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Chapter 18

BUS 426 Chapter Notes - Chapter 18: Contingent Liability, Audit Evidence, Financial Statement

Business Administration
Course Code
BUS 426
Craig Emby

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Chapter 18
Completing the Audit
Presentation and Disclosure
- Auditors evaluate evidence obtained during the earlier phases of the audit to assess whether
additional evidence is needed for the presentation and disclosure objectives
- Concerns
o Whether management has disclosed all required information
- As part of the final review for financial statement disclosure, many PA firms require the completed of
a financial statement disclosure checklist
Review for Contingent Liabilities and Commitments
- Auditor are especially concerned about certain contingent liabilities
o Pending litigation for patent infringement, product liability, or other actions
o Income tax disputes
o Product warranties
o Notes receivable discounted
o Guarantees of obligations of others
o Unused balances in outstanding letters of credit
- The audito’s ojeties i eifyig otiget liailities
o Evaluate the accounting treatment of known contingent liabilities to determine whether
management has properly classified the contingency (classification)
o Identify, to the extent practical, any contingencies not already identified by management
- Process
o Determine whether any contingencies exist (occurrence, presentation and disclosure objective)
o More difficult to discover unrecorded transactions or events than to verify recorded information
o Once the auditor knows that contingencies exist, evaluating their materiality and the footnote
disclosures can ordinarily be satisfactorily resolved
o If the auditor concludes that there are contingent liabilities, the significance of the potential
liabilities and the nature of the disclosure that is necessary in the financial statements must be
Cofiratio fro Cliet’s Law Firs Lawyer’s Letter
- The stadad lette of ofiatio to the liet’s law firm should include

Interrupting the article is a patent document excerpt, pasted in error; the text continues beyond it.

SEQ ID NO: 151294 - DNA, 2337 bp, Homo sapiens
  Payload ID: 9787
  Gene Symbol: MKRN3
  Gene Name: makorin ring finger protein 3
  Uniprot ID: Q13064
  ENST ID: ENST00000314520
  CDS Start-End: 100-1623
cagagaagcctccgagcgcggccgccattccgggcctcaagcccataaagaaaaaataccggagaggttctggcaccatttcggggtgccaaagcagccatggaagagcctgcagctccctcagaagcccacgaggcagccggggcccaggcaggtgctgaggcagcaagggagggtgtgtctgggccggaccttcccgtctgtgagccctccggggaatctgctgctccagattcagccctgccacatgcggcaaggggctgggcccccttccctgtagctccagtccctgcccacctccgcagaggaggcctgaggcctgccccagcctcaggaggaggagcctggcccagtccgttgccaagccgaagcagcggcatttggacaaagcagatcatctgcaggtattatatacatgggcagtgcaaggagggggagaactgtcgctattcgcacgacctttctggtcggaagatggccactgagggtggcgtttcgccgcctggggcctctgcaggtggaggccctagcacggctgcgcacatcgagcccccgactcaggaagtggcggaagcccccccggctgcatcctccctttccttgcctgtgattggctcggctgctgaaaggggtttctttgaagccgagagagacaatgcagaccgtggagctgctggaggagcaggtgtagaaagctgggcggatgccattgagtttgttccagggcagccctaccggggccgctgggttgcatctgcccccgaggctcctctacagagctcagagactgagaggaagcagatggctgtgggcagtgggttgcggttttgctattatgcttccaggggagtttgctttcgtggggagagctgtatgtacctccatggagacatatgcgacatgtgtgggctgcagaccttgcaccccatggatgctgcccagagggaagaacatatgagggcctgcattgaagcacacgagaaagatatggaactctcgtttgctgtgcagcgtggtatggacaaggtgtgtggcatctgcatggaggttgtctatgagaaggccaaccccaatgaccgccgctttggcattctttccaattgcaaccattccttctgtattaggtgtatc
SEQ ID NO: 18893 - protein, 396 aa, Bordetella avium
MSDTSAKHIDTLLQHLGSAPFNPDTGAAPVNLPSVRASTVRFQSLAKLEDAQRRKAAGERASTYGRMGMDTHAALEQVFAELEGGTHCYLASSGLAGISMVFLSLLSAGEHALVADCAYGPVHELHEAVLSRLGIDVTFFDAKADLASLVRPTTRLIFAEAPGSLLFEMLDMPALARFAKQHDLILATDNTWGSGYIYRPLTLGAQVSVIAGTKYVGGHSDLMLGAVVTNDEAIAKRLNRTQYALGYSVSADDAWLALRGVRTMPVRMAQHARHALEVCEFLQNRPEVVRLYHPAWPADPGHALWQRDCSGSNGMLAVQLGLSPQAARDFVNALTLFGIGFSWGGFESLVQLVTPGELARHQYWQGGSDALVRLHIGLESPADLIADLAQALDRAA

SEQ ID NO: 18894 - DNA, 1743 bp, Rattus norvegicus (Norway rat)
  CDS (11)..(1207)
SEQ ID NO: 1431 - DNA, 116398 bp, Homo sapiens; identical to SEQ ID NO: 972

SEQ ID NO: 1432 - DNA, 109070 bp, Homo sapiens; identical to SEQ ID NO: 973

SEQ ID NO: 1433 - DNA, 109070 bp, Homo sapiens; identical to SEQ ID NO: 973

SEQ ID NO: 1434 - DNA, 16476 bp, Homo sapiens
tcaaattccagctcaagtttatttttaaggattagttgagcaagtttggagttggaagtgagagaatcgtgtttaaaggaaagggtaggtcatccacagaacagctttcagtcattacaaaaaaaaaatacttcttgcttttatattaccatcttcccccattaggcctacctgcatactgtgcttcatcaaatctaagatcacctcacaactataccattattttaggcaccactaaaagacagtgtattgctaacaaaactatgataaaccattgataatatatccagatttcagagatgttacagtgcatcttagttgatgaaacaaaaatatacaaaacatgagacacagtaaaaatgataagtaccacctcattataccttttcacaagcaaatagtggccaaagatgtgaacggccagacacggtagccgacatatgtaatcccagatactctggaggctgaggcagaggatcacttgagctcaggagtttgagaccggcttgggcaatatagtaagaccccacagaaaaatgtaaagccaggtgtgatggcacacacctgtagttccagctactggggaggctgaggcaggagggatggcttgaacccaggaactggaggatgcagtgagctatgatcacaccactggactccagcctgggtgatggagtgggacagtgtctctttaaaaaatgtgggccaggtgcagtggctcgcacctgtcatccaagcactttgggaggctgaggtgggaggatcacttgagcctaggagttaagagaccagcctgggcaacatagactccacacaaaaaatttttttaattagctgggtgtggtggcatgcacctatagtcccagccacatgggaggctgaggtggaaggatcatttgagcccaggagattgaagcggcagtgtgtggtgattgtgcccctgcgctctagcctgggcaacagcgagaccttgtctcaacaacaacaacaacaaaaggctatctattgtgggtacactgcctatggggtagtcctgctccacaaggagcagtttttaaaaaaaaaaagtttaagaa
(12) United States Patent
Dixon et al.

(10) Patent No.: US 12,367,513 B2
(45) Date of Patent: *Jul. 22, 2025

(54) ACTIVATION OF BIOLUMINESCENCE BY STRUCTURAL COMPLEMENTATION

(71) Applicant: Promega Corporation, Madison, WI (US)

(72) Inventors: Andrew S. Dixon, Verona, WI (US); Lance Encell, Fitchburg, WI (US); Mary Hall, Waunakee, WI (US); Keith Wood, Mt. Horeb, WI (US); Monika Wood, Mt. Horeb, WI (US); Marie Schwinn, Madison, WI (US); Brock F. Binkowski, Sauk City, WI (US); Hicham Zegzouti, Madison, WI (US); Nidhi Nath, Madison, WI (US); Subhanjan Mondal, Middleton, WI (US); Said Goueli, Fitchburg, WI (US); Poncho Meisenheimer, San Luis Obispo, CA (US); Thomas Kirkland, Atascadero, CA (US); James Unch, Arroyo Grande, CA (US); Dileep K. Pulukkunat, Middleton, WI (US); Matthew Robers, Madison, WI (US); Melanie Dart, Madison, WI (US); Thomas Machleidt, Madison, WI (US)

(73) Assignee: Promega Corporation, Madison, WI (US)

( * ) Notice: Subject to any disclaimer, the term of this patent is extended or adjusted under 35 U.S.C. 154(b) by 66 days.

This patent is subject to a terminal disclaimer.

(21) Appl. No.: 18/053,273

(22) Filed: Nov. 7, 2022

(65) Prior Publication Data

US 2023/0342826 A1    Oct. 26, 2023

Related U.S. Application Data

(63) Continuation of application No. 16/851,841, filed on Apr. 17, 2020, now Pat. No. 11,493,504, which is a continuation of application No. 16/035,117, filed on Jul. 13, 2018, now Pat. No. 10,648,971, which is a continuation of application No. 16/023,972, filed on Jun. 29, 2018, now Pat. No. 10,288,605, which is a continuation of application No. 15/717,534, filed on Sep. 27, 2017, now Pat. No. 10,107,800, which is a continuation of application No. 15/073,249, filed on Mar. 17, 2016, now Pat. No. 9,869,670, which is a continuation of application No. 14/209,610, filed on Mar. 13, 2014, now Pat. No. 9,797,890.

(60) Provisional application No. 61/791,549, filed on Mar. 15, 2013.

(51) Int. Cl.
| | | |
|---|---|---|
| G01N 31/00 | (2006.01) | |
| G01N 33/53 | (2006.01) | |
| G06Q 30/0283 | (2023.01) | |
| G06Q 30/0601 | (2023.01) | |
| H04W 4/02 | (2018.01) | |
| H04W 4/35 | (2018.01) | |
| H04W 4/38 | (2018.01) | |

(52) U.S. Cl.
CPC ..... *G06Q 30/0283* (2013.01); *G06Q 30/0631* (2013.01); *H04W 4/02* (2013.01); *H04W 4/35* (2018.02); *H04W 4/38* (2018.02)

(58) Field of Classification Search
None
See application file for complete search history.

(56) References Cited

o A list, prepared by management, of outstanding (asserted) and possible (unasserted) claims
o A description of the nature and the current status of each claim and possible claim
o A idiatio of aageet’s ealuatio of the aout ad likelihood of loss or gain for each
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o A request that the lawyer reply to the client, with a signed copy going to the PA firm, advising
hethe aageet’s desiptios ad ealuatios of the outstadig ad possible claims are
- Lawyers are not required to mention any omission of possible claims in their response to the inquiry
letter and do not directly notify the auditor of them
- CAS 501 par. 10 requires the auditor to obtain a letter of representation from management that it has
disclosed all known outstanding and possible claims
- Unless management discloses the existence of possible claims to the auditor, the auditor has no
means of discovering whether or not any such claims exist
Limited or Nonresponses from Law Firms
- When a lawyer refuses to poide ifoatio that is ithi the laye’s juisditio ad ay dietly
affet the fai pesetatio of fiaial stateets, the audito’s opiio ould e ualified due to
the lack of available evidence
- Joint policy statement concerning communications with law firms regarding claims and possible
claims in connection with the preparation and audit of financial statements
o Has the effect of encouraging lawyers to cooperate with auditors in obtaining information about
contingencies, as the law fi’s ofidetial elatioship ith its liets ill ot e iolated
- Agreements that the entity will hold to a fixed set of conditions at a future date, regardless of what
happens to profits or to the economy as a whole
- The search for unknown commitments is usually performed as part of the audit of each audit area
- Auditor should be aware of the possibility of commitments when reading minutes, contracts, and
correspondence files
Review for Subsequent Events
- The transactions and events occurring after the balance sheet date
- Audito’s esposiility
o To determine whether anything occurred that might affect the fair presentation or disclosure of
the statements being audited
o Normally limited to the period beginning with the balance sheet date and ending with the date of
the audito’s epot
- The date of the audito’s epot oespods ith the appoal of the fiaial stateets y the
board of directors or other executive management
Types of Subsequent Events
- Type I
o Have a direct effect on the financial statements and require adjustment
o Provide evidence of a state or event prior to the balance sheet date, but of which no one,
management or auditor, was aware
No implication of wrongdoing or malfeasance on the part of anyone
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